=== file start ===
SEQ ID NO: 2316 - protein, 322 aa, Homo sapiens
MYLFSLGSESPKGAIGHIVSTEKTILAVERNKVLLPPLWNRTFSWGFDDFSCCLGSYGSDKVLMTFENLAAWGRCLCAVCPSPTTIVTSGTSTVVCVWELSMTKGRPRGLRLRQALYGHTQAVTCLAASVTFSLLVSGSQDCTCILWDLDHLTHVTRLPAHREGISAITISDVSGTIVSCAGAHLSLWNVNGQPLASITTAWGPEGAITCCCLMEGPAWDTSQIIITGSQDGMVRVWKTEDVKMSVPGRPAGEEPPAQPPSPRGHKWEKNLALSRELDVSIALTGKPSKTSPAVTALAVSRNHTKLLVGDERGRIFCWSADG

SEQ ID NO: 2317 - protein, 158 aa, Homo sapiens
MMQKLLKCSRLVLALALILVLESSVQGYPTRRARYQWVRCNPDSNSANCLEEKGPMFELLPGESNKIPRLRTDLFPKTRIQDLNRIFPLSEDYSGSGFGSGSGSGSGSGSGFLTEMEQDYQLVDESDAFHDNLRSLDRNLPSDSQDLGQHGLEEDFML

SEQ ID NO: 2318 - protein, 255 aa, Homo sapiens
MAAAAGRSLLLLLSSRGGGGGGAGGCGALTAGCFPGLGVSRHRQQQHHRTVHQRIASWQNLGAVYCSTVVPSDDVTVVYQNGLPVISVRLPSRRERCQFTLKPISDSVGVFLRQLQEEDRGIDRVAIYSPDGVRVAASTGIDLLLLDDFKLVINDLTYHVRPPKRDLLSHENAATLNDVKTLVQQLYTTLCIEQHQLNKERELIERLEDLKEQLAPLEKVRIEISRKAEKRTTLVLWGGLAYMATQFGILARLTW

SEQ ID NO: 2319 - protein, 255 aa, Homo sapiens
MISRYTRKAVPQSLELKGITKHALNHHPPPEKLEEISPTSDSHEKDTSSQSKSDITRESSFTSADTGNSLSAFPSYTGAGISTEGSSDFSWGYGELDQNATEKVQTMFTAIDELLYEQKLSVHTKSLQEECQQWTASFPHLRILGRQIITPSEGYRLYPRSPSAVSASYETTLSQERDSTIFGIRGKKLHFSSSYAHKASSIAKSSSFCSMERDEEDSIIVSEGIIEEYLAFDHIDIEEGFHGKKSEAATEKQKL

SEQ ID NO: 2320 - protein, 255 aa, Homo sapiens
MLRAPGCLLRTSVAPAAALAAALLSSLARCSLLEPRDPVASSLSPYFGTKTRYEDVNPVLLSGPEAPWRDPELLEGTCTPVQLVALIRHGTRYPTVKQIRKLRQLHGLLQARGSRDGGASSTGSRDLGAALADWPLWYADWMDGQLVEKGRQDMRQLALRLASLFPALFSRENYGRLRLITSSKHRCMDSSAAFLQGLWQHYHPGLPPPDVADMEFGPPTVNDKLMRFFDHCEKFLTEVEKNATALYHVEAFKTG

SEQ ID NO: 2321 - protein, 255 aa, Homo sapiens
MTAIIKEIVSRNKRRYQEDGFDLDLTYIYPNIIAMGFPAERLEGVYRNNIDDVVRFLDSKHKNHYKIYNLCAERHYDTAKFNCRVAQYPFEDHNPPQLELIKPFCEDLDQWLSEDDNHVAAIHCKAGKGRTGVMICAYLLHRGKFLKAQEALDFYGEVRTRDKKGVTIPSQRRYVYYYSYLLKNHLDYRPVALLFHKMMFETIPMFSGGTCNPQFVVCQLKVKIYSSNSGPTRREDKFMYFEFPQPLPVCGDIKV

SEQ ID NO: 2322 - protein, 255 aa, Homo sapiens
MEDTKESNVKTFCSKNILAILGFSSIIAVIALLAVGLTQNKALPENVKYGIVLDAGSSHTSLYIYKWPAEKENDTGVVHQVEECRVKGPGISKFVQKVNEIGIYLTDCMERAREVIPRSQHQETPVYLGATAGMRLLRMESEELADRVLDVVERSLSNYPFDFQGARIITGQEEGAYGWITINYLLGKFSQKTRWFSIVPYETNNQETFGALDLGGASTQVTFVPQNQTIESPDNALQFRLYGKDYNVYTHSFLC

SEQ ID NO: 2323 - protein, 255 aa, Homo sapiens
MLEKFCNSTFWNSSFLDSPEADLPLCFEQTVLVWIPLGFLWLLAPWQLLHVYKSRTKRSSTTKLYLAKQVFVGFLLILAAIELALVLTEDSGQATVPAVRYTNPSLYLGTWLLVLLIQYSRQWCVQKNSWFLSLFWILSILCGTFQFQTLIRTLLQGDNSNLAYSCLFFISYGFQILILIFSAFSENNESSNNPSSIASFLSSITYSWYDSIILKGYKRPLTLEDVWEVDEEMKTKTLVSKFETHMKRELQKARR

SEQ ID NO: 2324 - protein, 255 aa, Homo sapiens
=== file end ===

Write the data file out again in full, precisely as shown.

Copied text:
SEQ ID NO: 2316 - protein, 322 aa, Homo sapiens
MYLFSLGSESPKGAIGHIVSTEKTILAVERNKVLLPPLWNRTFSWGFDDFSCCLGSYGSDKVLMTFENLAAWGRCLCAVCPSPTTIVTSGTSTVVCVWELSMTKGRPRGLRLRQALYGHTQAVTCLAASVTFSLLVSGSQDCTCILWDLDHLTHVTRLPAHREGISAITISDVSGTIVSCAGAHLSLWNVNGQPLASITTAWGPEGAITCCCLMEGPAWDTSQIIITGSQDGMVRVWKTEDVKMSVPGRPAGEEPPAQPPSPRGHKWEKNLALSRELDVSIALTGKPSKTSPAVTALAVSRNHTKLLVGDERGRIFCWSADG

SEQ ID NO: 2317 - protein, 158 aa, Homo sapiens
MMQKLLKCSRLVLALALILVLESSVQGYPTRRARYQWVRCNPDSNSANCLEEKGPMFELLPGESNKIPRLRTDLFPKTRIQDLNRIFPLSEDYSGSGFGSGSGSGSGSGSGFLTEMEQDYQLVDESDAFHDNLRSLDRNLPSDSQDLGQHGLEEDFML

SEQ ID NO: 2318 - protein, 255 aa, Homo sapiens
MAAAAGRSLLLLLSSRGGGGGGAGGCGALTAGCFPGLGVSRHRQQQHHRTVHQRIASWQNLGAVYCSTVVPSDDVTVVYQNGLPVISVRLPSRRERCQFTLKPISDSVGVFLRQLQEEDRGIDRVAIYSPDGVRVAASTGIDLLLLDDFKLVINDLTYHVRPPKRDLLSHENAATLNDVKTLVQQLYTTLCIEQHQLNKERELIERLEDLKEQLAPLEKVRIEISRKAEKRTTLVLWGGLAYMATQFGILARLTW

SEQ ID NO: 2319 - protein, 255 aa, Homo sapiens
MISRYTRKAVPQSLELKGITKHALNHHPPPEKLEEISPTSDSHEKDTSSQSKSDITRESSFTSADTGNSLSAFPSYTGAGISTEGSSDFSWGYGELDQNATEKVQTMFTAIDELLYEQKLSVHTKSLQEECQQWTASFPHLRILGRQIITPSEGYRLYPRSPSAVSASYETTLSQERDSTIFGIRGKKLHFSSSYAHKASSIAKSSSFCSMERDEEDSIIVSEGIIEEYLAFDHIDIEEGFHGKKSEAATEKQKL

SEQ ID NO: 2320 - protein, 255 aa, Homo sapiens
MLRAPGCLLRTSVAPAAALAAALLSSLARCSLLEPRDPVASSLSPYFGTKTRYEDVNPVLLSGPEAPWRDPELLEGTCTPVQLVALIRHGTRYPTVKQIRKLRQLHGLLQARGSRDGGASSTGSRDLGAALADWPLWYADWMDGQLVEKGRQDMRQLALRLASLFPALFSRENYGRLRLITSSKHRCMDSSAAFLQGLWQHYHPGLPPPDVADMEFGPPTVNDKLMRFFDHCEKFLTEVEKNATALYHVEAFKTG

SEQ ID NO: 2321 - protein, 255 aa, Homo sapiens
MTAIIKEIVSRNKRRYQEDGFDLDLTYIYPNIIAMGFPAERLEGVYRNNIDDVVRFLDSKHKNHYKIYNLCAERHYDTAKFNCRVAQYPFEDHNPPQLELIKPFCEDLDQWLSEDDNHVAAIHCKAGKGRTGVMICAYLLHRGKFLKAQEALDFYGEVRTRDKKGVTIPSQRRYVYYYSYLLKNHLDYRPVALLFHKMMFETIPMFSGGTCNPQFVVCQLKVKIYSSNSGPTRREDKFMYFEFPQPLPVCGDIKV

SEQ ID NO: 2322 - protein, 255 aa, Homo sapiens
MEDTKESNVKTFCSKNILAILGFSSIIAVIALLAVGLTQNKALPENVKYGIVLDAGSSHTSLYIYKWPAEKENDTGVVHQVEECRVKGPGISKFVQKVNEIGIYLTDCMERAREVIPRSQHQETPVYLGATAGMRLLRMESEELADRVLDVVERSLSNYPFDFQGARIITGQEEGAYGWITINYLLGKFSQKTRWFSIVPYETNNQETFGALDLGGASTQVTFVPQNQTIESPDNALQFRLYGKDYNVYTHSFLC

SEQ ID NO: 2323 - protein, 255 aa, Homo sapiens
MLEKFCNSTFWNSSFLDSPEADLPLCFEQTVLVWIPLGFLWLLAPWQLLHVYKSRTKRSSTTKLYLAKQVFVGFLLILAAIELALVLTEDSGQATVPAVRYTNPSLYLGTWLLVLLIQYSRQWCVQKNSWFLSLFWILSILCGTFQFQTLIRTLLQGDNSNLAYSCLFFISYGFQILILIFSAFSENNESSNNPSSIASFLSSITYSWYDSIILKGYKRPLTLEDVWEVDEEMKTKTLVSKFETHMKRELQKARR

SEQ ID NO: 2324 - protein, 255 aa, Homo sapiens